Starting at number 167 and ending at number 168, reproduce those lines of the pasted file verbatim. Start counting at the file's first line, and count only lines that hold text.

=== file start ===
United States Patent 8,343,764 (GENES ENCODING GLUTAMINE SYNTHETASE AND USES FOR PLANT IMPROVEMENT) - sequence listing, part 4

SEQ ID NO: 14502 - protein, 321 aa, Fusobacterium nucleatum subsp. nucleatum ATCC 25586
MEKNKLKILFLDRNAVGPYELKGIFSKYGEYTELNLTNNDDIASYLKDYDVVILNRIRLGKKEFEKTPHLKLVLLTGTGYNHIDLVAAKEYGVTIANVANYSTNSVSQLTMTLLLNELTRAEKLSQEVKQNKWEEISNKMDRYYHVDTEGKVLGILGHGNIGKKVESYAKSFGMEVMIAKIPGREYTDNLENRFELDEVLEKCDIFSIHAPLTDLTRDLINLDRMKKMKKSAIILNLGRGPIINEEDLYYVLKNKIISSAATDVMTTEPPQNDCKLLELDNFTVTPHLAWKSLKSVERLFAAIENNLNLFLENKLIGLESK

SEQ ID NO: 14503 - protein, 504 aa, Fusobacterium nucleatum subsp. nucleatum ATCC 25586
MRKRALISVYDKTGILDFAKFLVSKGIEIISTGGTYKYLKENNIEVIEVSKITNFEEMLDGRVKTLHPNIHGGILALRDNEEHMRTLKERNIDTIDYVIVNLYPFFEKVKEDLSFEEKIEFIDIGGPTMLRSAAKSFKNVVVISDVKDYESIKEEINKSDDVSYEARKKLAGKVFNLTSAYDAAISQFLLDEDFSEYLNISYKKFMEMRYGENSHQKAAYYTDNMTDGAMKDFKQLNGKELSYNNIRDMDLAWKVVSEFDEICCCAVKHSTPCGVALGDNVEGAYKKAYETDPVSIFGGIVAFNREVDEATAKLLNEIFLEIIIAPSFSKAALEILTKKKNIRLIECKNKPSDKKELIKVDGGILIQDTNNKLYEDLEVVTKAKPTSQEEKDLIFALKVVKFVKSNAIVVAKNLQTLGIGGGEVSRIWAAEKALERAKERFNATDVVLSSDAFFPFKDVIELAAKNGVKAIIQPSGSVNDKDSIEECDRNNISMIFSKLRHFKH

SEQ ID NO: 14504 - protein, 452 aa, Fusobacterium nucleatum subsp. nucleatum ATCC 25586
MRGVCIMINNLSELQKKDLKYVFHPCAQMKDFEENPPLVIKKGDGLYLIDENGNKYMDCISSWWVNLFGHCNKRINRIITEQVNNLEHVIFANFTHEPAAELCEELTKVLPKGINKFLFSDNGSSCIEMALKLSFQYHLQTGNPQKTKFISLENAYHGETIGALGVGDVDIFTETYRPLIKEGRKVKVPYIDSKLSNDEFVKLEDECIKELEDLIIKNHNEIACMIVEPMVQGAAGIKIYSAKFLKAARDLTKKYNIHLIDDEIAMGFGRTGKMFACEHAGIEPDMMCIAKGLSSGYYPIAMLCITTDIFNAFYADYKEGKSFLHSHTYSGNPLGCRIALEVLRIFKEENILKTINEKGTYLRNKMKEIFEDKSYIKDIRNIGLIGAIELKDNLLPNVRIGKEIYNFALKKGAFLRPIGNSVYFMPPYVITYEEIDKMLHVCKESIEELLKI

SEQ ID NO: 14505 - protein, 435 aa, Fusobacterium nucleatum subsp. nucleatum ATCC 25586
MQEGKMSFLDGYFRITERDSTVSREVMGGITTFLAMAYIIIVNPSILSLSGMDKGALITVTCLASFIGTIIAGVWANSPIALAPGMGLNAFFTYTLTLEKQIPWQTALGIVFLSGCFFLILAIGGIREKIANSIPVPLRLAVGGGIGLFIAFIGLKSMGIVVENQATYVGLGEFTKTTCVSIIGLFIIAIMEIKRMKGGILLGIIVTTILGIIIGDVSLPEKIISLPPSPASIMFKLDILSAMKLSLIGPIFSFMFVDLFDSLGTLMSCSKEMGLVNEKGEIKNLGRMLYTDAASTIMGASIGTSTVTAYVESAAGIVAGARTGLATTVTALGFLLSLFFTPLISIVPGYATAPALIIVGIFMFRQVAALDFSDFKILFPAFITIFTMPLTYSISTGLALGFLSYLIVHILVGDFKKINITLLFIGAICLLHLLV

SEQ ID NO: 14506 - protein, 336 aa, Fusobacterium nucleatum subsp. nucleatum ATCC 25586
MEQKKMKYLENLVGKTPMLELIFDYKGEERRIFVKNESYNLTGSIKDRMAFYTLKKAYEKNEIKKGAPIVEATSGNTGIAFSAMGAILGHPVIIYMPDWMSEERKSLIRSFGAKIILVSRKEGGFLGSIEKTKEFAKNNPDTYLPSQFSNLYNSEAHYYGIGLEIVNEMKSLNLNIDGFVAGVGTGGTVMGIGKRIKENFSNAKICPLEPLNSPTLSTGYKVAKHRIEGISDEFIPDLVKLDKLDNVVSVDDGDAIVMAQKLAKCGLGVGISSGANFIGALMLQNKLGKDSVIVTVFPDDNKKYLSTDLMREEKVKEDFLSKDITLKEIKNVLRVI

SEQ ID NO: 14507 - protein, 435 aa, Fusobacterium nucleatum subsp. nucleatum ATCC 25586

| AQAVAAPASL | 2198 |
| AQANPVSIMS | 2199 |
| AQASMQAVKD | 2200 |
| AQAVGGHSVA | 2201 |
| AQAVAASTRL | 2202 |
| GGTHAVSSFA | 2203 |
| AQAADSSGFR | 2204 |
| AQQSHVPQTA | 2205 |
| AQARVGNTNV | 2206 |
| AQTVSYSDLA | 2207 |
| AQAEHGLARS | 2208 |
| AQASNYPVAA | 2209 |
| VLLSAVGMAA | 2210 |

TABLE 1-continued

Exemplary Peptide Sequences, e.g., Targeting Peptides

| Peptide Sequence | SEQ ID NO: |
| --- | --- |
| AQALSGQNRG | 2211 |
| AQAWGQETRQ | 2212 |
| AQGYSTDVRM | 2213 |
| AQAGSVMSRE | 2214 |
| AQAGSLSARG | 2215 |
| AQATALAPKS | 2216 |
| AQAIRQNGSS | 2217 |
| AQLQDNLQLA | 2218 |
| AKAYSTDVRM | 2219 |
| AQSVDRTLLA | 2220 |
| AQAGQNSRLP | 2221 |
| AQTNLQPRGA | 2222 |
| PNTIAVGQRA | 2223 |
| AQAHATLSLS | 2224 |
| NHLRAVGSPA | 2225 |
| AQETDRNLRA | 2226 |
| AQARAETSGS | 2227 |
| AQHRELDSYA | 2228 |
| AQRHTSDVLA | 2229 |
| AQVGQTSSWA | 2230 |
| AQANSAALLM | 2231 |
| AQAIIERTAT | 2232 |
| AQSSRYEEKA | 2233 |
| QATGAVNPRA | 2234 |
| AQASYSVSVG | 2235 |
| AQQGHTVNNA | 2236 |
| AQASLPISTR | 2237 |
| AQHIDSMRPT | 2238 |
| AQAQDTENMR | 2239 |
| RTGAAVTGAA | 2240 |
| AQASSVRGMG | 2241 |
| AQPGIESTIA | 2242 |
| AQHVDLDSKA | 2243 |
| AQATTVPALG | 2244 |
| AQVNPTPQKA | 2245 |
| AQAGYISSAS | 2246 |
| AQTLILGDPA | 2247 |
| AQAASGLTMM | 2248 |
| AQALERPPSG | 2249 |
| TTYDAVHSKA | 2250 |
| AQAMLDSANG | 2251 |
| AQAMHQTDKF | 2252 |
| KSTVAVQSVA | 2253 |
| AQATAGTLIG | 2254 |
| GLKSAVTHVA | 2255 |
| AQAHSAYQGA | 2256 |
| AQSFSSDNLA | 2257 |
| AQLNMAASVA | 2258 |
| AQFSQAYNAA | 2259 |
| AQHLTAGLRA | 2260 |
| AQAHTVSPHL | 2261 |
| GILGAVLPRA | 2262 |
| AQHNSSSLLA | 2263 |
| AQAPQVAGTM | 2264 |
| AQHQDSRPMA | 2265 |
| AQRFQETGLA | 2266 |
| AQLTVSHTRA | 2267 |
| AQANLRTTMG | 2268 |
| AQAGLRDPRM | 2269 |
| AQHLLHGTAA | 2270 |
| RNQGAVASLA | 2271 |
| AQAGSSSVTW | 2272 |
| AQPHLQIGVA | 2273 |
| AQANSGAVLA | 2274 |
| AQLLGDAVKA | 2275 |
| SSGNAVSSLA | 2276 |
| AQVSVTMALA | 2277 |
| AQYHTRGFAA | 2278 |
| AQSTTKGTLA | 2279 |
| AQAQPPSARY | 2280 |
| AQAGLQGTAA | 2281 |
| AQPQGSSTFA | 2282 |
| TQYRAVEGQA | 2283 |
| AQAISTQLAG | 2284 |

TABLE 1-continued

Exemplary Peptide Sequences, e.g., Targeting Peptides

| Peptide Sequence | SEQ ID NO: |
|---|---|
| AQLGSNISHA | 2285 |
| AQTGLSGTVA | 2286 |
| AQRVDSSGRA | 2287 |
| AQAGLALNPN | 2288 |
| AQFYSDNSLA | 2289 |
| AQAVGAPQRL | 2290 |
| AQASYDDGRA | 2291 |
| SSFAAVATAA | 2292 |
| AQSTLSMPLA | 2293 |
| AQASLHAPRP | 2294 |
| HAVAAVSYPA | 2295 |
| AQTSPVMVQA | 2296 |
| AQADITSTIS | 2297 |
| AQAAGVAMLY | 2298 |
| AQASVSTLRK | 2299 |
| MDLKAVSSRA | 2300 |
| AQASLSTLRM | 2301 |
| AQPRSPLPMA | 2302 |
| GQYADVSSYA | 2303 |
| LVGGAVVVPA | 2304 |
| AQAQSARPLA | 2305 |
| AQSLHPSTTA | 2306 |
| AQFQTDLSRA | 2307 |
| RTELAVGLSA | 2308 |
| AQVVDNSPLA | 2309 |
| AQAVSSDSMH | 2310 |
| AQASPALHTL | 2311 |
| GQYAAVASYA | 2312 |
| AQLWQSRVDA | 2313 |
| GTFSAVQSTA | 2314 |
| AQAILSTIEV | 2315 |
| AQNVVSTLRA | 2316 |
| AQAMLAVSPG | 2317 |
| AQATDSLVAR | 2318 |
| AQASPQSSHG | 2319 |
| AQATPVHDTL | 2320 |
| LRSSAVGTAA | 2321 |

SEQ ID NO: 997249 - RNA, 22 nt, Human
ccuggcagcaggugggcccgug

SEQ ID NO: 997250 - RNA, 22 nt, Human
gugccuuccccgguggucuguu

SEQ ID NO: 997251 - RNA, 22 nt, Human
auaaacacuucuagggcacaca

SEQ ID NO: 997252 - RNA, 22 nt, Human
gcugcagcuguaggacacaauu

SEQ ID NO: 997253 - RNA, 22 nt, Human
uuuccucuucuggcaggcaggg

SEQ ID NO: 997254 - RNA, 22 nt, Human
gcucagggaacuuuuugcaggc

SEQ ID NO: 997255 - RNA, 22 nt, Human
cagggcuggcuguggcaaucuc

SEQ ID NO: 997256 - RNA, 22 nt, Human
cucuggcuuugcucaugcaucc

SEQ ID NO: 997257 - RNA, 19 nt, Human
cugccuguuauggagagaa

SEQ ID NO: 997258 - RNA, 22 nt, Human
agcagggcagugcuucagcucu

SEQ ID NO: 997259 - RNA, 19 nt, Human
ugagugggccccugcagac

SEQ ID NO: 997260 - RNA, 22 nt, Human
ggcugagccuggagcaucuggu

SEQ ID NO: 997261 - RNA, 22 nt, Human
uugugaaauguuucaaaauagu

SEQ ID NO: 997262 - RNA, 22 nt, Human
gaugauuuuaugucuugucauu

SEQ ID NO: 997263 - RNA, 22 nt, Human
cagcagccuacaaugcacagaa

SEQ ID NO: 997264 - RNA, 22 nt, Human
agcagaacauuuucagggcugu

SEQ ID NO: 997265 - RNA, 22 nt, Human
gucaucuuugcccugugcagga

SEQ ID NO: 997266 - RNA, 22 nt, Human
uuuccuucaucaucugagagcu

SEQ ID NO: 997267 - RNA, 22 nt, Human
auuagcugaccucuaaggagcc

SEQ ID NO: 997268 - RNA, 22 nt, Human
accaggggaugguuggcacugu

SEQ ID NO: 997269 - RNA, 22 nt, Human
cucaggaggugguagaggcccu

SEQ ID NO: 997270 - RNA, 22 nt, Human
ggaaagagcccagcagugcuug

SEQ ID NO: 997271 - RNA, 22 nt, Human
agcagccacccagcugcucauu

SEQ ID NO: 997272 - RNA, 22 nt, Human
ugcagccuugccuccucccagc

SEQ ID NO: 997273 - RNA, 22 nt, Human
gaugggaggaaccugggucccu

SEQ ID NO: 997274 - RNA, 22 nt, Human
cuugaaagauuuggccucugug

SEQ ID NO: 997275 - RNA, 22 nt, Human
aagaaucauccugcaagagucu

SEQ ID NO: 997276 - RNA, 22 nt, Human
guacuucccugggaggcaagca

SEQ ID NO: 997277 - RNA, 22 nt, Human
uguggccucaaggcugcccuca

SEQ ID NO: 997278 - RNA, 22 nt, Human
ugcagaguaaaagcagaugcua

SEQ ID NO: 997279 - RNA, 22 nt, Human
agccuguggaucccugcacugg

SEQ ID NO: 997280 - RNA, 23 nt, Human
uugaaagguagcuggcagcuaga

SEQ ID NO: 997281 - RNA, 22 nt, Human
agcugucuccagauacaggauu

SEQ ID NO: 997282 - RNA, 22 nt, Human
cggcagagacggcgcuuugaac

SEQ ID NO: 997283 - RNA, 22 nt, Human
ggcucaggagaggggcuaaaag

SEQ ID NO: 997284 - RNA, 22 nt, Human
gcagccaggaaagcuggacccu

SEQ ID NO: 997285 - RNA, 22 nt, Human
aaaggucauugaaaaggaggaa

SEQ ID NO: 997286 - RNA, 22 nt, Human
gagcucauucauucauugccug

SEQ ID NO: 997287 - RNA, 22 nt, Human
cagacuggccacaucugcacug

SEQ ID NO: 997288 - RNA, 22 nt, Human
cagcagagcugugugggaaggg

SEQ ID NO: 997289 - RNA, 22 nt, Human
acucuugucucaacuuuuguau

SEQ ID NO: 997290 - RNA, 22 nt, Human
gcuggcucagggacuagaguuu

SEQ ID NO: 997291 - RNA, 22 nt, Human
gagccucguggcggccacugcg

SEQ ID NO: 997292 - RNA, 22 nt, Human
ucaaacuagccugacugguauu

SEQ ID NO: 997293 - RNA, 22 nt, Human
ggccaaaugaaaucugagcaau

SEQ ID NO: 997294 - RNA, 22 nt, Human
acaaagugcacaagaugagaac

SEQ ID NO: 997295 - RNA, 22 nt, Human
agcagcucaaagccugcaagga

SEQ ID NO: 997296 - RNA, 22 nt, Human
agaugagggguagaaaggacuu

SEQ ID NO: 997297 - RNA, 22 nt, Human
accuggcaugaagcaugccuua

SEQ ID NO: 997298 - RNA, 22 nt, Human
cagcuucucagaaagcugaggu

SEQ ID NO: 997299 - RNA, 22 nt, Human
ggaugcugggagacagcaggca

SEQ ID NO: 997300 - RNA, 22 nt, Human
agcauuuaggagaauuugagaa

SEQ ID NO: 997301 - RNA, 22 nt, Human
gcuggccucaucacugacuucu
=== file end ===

SEQ ID NO: 997260 - RNA, 22 nt, Human
ggcugagccuggagcaucuggu